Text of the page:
• What
    is this?
    You've landed on the AMD Portal on AnandTech. This section is sponsored by AMD. It features a collection of all of our independent AMD content, as well as Tweets & News from AMD directly. AMD will also be running a couple of huge giveaways here so check back for those.
    PRESENTED BY

AMD Trinity Gaming Performance

After the 3DMark results, you might be wondering if Intel has finally caught up to AMD in terms of integrated graphics performance. The answer is…yes and no. Depending on the game, there are times where a fast Ivy Bridge CPU with HD 4000 will actually beat out Trinity; there are also times where Intel’s IGP really struggles to keep pace. The good news is that at least everyone is now onboard the DX11 bandwagon, and compatibility with games has improved yet again for Intel. Here are our “Value” benchmark results for seven recent games; we’ll have more information in a moment.

Batman: Arkham City—Value

Battlefield 3—Value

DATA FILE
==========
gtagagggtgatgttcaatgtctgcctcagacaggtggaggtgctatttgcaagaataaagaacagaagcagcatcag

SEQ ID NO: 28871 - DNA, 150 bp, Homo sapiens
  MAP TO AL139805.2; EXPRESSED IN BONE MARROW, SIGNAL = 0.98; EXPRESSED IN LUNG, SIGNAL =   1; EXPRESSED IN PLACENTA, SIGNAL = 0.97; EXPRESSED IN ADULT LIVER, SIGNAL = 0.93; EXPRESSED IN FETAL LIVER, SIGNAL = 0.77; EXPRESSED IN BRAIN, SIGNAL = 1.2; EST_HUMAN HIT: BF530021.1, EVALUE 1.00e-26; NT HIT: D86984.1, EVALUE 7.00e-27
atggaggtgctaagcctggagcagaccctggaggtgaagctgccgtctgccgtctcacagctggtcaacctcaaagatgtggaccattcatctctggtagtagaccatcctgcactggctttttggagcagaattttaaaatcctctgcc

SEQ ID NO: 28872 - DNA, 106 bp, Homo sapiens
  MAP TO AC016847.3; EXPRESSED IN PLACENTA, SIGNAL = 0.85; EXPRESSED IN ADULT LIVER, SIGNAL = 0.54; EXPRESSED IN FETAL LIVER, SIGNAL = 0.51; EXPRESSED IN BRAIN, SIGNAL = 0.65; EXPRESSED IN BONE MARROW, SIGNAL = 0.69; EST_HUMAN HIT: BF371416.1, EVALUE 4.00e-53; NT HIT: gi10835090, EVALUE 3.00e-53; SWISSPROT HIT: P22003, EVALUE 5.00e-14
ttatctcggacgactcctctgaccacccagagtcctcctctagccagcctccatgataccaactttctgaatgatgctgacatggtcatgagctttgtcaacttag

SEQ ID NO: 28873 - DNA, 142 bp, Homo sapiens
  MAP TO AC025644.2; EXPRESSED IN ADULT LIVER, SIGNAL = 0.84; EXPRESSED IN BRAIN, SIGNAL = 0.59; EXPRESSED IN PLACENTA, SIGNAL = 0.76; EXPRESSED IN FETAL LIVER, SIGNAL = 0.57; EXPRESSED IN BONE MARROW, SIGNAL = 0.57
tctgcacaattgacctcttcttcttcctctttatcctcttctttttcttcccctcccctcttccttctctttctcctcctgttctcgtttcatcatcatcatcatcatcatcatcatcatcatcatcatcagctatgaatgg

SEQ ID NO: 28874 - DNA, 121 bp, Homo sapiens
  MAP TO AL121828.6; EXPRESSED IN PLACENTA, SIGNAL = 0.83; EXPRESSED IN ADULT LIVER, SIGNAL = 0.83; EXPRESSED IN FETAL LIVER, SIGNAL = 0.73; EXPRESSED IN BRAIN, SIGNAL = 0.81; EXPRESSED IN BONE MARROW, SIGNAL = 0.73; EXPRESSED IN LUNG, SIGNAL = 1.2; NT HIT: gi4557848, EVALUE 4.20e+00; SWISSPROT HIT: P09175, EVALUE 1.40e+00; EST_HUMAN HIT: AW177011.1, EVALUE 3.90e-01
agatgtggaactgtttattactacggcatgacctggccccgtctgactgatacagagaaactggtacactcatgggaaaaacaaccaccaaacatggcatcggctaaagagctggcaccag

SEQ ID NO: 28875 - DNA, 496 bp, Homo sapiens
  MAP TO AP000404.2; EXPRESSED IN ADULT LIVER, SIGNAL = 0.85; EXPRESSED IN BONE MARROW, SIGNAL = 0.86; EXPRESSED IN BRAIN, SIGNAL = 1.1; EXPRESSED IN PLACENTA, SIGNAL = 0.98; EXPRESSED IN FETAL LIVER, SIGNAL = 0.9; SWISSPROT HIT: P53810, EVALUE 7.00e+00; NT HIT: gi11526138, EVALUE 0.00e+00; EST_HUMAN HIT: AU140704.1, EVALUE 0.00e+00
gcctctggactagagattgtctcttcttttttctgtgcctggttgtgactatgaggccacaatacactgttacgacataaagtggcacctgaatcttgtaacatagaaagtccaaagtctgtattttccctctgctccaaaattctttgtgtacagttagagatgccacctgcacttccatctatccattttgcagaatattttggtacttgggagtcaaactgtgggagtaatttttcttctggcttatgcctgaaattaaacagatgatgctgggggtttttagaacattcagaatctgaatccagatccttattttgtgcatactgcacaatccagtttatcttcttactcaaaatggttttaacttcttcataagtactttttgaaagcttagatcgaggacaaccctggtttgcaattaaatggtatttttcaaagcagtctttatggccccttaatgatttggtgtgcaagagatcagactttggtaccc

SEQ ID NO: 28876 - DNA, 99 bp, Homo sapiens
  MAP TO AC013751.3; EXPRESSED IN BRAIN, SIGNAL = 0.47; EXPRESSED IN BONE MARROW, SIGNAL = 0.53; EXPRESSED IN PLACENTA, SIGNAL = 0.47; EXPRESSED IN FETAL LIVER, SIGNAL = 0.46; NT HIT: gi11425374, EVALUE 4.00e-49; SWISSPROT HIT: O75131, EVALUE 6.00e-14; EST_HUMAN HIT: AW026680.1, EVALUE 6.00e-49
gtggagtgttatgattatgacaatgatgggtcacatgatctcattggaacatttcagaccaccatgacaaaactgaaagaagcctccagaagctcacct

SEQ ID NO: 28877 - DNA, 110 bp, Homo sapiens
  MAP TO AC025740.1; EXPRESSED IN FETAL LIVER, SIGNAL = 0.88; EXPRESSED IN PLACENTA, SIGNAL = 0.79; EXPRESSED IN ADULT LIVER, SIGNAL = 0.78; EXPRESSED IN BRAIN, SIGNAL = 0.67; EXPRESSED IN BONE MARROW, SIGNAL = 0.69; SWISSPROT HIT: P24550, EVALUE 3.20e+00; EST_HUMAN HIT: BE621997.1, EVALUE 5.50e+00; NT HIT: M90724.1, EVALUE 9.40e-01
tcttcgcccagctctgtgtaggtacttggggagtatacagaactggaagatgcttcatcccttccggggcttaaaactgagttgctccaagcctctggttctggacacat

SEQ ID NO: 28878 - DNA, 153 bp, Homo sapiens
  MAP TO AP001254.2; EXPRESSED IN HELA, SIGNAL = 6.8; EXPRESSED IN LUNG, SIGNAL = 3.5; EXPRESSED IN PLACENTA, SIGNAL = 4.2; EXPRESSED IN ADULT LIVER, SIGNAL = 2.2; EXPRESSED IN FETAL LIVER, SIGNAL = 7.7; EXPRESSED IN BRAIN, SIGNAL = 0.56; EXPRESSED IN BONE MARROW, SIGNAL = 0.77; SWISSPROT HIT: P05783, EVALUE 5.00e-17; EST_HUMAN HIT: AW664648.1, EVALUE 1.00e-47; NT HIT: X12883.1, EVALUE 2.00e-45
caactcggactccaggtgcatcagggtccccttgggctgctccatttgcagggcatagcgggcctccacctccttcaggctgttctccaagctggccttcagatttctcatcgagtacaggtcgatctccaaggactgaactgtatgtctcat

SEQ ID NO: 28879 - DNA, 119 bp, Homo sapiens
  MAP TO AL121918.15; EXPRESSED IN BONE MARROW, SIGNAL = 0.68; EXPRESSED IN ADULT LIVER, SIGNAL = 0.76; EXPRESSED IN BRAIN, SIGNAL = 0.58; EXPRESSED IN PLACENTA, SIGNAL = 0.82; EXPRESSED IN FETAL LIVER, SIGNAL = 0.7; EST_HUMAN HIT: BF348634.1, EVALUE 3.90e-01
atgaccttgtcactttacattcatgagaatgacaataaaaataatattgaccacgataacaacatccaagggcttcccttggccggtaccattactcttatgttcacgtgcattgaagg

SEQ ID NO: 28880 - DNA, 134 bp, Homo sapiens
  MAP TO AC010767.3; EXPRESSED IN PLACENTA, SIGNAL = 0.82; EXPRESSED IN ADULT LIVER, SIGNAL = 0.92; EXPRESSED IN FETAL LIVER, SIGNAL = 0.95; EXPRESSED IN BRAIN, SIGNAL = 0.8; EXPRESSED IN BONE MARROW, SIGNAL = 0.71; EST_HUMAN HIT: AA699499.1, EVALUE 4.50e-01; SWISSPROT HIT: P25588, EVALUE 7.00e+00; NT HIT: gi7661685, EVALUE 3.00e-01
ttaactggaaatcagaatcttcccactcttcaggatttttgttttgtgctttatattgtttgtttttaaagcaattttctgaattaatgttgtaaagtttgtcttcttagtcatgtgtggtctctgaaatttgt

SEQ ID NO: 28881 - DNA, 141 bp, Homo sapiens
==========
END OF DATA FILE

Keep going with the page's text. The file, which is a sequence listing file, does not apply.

Civilization V—Value

DiRT 3—Value

Elder Scrolls: Skyrim—Value

Portal 2—Value

Total War: Shogun 2—Value

Out of our seven test titles, AMD’s Trinity leads any other IGP in four titles by a large margin. The other three titles actually have Ivy Bridge slightly ahead of Trinity, but the gaps aren’t nearly as big. Overall, the average performance across the seven games at our Value (medium) settings has AMD’s Trinity A10-4600M leading Intel’s i7-3720QM by 21%, and if we look at quad-core Sandy Bridge with HD 3000 (i7-2820QM) Trinity is 72% faster. Trinity is also around 20% faster than 35W Llano on average.

Let’s expand our gaming suite just a bit to see if things change, though. Just like we did with Ivy Bridge, we ran the eight games in our previous benchmark suite at medium detail settings. We can then compare performance across a wider 15 title selection to see how Trinity matches up against HD 4000, HD 3000, and HD 6620G (Llano). We’ll start with the bottom (HD 3000/Sandy Bridge) and move up.

Llano’s HD 6620G was already faster than HD 3000, and Trinity’s HD 7660G is faster than Llano, so the Sandy Bridge gaming matchup is a landslide victory in AMD’s favor. The closest Intel can get is in the same three titles where Ivy Bridge leads Trinity: Batman: Arkham City, DiRT 3, and Skyrim. Here, however, HD 3000 can’t actually close the gap and HD 6620G is at least 20% faster than HD 3000, with an average performance improvement of nearly 80%.